Oh, these are just to love! This is an early 1900s French dore bronze trinket or jewelry casket, coffret, mounted with a convex machined plaque that has semi-opaque emerald green kiln-fired enamel bordering a center plaque, portrait miniature also done in kiln-fired enamel. This is an arduous process. Any art school student will have given it a try, and I can tell you first hand, unless you've got many years of apprenticeship, you end up with a blob. These enamels are powders suspended in fluid and are painted on in layers. Not like painting, really, because all variations of colors just look like a slight variation of muddy mauve to blues, An enamelist works from memory, and it's only when the kiln melts all the enamels and they blend together you see what it is you've created. A most skilled art, indeed. Lovely Grand Tour type souvenir.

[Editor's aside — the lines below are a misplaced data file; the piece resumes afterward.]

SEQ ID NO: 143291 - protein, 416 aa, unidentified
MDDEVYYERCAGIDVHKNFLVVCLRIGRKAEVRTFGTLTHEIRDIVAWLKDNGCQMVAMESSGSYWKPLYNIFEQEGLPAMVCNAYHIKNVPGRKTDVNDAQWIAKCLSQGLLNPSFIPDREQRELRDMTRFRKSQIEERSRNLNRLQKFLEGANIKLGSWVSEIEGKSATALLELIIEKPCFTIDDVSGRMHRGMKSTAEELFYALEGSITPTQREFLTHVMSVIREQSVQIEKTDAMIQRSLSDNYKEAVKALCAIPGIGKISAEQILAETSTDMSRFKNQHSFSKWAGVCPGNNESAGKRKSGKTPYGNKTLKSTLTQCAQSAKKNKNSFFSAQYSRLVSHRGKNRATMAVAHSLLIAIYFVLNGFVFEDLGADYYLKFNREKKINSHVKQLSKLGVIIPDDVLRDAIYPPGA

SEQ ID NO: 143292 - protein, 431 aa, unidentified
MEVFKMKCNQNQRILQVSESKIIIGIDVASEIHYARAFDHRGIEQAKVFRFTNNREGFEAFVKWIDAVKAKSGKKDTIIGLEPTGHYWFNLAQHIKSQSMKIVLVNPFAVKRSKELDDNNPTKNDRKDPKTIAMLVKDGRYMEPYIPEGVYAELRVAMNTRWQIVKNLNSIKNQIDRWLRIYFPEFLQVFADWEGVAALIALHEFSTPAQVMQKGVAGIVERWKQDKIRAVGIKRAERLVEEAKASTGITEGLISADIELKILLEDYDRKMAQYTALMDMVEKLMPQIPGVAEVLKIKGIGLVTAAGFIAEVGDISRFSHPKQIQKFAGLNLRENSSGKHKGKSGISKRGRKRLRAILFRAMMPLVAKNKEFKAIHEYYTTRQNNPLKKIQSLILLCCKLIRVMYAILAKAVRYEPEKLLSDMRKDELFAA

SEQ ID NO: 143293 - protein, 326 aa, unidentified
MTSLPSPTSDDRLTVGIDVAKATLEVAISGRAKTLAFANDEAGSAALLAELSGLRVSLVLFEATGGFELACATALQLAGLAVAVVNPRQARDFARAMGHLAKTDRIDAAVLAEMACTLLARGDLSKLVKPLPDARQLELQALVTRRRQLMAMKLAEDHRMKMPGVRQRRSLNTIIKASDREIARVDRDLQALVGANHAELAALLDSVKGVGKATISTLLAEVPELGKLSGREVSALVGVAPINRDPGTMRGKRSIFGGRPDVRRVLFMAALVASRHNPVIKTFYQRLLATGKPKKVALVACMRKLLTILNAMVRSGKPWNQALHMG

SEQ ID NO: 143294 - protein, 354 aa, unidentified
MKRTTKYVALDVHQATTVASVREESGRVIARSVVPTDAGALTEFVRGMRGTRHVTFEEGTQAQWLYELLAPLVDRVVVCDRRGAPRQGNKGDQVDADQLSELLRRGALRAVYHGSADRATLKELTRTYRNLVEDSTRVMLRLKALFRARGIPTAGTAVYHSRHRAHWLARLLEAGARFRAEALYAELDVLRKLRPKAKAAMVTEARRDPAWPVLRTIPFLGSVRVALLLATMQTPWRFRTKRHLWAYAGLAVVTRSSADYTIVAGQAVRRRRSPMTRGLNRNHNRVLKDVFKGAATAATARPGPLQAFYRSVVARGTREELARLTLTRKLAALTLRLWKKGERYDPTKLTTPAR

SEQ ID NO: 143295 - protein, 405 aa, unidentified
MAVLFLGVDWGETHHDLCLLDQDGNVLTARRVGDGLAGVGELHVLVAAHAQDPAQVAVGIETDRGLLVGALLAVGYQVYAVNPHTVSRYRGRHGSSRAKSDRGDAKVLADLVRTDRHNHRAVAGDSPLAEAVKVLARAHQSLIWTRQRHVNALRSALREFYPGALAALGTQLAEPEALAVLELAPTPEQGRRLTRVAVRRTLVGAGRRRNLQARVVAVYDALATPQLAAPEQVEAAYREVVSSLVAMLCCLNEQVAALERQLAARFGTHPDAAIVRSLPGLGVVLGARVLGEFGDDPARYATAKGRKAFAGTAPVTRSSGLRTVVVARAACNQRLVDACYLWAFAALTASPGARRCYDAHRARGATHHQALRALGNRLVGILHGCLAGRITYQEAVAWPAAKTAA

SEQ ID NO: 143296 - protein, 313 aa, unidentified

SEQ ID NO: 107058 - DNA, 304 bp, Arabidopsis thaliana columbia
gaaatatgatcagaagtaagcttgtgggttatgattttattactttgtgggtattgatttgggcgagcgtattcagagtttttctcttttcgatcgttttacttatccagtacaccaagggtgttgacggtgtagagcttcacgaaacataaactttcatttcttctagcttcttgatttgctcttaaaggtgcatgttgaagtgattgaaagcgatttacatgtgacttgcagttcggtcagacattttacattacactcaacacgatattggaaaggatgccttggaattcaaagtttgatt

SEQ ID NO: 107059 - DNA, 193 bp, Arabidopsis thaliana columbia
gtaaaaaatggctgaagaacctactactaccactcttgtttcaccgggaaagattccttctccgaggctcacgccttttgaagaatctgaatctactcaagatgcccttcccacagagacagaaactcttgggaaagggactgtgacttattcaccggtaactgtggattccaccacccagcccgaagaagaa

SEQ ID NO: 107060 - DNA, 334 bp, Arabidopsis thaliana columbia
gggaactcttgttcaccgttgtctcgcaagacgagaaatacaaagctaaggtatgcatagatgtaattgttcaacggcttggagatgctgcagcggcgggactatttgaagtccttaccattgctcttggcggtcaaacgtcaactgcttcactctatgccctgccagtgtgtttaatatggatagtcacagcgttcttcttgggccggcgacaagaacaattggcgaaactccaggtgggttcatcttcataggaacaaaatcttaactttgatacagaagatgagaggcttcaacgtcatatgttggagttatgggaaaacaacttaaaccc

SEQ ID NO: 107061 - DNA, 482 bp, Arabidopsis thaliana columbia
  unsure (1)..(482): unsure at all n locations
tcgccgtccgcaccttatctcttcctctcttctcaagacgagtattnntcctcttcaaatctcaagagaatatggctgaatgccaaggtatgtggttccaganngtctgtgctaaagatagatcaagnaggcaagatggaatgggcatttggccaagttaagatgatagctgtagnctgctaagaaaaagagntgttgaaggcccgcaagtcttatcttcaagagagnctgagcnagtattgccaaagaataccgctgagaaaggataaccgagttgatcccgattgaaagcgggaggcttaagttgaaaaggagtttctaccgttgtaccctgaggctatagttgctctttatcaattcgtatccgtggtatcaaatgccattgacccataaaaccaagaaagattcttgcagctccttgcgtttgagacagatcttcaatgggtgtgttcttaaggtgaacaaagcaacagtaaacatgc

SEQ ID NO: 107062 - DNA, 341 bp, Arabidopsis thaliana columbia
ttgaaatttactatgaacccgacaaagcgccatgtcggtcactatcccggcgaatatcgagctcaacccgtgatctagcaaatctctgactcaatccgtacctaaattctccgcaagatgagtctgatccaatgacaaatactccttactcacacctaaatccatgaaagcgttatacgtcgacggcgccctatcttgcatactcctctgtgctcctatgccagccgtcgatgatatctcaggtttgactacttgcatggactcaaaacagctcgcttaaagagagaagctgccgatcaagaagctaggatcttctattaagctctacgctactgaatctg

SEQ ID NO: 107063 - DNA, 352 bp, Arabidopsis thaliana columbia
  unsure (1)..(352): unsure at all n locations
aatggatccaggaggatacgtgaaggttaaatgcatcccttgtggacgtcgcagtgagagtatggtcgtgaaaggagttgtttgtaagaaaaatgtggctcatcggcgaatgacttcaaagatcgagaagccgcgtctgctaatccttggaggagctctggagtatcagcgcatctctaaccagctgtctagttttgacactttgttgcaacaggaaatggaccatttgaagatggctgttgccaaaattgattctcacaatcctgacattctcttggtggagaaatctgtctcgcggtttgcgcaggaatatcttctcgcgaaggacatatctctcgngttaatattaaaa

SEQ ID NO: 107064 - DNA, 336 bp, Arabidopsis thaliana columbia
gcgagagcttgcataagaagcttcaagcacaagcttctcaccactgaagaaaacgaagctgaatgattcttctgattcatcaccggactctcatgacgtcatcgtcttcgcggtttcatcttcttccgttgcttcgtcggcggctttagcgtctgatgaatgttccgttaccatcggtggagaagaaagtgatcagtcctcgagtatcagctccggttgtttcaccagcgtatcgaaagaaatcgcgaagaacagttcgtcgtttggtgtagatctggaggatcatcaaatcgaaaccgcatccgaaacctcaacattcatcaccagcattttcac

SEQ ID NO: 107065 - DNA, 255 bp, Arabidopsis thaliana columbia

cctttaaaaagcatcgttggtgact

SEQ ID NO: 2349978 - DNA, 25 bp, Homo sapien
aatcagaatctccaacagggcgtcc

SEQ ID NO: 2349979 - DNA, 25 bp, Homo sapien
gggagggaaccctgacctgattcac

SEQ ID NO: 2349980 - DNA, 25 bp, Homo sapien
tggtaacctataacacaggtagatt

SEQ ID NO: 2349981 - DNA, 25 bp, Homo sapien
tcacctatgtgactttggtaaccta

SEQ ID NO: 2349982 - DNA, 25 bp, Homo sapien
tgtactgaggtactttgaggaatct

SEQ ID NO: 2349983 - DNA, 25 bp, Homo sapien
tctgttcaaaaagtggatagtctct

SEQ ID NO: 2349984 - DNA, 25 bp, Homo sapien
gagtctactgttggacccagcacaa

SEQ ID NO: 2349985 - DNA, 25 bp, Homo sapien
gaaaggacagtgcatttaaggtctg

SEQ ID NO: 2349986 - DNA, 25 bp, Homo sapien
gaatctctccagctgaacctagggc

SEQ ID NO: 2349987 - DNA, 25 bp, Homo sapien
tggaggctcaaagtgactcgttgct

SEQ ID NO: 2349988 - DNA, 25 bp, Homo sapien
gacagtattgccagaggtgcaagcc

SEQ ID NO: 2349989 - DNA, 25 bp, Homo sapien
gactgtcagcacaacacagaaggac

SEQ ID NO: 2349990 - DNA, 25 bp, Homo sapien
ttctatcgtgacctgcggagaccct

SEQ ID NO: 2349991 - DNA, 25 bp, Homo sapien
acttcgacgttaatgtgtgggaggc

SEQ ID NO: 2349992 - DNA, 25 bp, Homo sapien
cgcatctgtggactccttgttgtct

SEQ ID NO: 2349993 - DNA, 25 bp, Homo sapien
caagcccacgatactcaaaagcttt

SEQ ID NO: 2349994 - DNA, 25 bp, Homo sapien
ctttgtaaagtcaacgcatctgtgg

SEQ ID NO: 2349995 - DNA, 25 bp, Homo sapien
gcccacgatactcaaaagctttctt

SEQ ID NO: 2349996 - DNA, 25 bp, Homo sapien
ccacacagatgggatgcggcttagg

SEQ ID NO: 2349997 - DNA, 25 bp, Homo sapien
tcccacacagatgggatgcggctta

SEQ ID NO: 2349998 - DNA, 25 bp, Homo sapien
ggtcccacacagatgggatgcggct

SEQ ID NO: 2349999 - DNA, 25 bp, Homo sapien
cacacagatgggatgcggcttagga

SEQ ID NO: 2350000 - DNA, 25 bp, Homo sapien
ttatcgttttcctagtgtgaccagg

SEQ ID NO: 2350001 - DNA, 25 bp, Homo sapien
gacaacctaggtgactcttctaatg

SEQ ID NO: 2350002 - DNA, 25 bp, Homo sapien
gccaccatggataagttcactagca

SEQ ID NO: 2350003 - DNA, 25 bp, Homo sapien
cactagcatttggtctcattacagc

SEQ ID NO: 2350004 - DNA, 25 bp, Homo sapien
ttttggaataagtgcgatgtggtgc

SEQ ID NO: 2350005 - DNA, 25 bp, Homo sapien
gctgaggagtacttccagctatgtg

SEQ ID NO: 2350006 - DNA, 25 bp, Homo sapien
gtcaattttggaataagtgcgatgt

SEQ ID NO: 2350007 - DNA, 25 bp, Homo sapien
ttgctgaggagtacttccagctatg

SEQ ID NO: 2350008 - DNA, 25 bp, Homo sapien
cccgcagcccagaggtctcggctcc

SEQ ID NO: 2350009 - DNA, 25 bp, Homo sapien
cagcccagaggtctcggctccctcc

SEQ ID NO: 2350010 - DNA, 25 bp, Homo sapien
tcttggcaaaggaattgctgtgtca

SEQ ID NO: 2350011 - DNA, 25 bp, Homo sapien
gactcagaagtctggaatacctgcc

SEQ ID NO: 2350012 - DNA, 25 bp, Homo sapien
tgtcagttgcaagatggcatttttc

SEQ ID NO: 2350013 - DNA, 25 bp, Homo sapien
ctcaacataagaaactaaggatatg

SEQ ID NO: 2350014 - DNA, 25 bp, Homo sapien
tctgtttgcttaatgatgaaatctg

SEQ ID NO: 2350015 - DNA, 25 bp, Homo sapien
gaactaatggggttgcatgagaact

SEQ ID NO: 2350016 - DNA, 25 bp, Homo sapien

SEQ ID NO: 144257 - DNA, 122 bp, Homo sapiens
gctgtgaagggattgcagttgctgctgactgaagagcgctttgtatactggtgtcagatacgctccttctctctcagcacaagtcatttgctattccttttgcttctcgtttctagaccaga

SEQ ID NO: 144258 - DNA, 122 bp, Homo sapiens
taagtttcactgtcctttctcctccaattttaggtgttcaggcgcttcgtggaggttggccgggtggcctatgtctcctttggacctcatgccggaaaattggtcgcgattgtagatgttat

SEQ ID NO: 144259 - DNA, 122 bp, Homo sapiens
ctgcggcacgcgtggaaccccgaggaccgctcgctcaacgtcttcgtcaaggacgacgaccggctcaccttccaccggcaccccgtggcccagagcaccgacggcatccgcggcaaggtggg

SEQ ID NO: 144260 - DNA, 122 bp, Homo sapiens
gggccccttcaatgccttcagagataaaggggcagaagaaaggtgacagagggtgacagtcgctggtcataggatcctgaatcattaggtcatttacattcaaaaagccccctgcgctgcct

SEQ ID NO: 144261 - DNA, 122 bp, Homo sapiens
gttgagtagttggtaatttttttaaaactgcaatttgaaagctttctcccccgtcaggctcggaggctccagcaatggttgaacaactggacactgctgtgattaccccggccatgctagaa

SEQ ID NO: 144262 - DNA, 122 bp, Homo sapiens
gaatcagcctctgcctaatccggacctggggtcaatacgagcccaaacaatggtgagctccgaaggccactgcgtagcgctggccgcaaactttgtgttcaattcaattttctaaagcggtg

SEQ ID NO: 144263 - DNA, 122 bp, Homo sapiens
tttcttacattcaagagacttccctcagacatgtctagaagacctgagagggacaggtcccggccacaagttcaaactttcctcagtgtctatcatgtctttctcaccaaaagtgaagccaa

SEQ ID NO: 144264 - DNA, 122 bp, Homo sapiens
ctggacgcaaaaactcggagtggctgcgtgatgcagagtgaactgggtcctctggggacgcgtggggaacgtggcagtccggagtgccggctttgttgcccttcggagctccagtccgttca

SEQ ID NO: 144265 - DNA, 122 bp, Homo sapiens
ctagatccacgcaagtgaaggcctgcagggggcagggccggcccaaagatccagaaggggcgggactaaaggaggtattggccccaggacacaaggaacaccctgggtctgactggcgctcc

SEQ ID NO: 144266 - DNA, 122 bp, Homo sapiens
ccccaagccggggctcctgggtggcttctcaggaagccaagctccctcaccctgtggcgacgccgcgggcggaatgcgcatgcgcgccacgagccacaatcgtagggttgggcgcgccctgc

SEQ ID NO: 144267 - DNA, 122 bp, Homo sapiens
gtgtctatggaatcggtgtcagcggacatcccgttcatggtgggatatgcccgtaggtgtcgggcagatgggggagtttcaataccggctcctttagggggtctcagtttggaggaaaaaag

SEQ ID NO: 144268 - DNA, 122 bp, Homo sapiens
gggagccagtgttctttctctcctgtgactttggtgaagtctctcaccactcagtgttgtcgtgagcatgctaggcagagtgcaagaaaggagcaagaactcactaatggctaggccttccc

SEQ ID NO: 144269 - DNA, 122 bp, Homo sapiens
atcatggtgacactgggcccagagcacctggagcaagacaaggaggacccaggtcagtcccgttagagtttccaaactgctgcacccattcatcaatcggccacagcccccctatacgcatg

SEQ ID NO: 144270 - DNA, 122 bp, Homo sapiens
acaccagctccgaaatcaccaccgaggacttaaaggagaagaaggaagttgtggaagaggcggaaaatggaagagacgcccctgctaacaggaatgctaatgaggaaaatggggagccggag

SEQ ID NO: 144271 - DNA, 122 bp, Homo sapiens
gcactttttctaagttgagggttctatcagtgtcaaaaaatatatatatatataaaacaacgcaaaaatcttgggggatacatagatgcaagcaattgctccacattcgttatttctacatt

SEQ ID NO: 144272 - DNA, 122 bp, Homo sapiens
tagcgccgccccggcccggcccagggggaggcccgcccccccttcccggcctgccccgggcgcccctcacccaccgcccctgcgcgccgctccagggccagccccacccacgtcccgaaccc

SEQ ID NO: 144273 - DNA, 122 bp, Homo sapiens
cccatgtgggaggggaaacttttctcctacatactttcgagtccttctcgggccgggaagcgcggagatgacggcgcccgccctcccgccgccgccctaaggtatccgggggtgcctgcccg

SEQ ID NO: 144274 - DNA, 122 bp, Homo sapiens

Very good to excellent condition for age and type. Because the enamel has a glassine or even porcelain-like look to it, people sometimes think these are porcelain. Actually, each plaque is a convent copper panel - sometimes silver is used - and once worked, it is set into the box (in this case) with prong-mounts. Fragile, one can chip or crack or shatter the glass-like enamel, and most have some chips or cracks. This one is quite exceptional. Look it over. No damage. At an angle you can see a rough edge tucked under the bronze border, but that's all. Even the raised 'jewel' dots on the girl's hair remain. Measurements in full are noted on our photos. This is a nice larger example.
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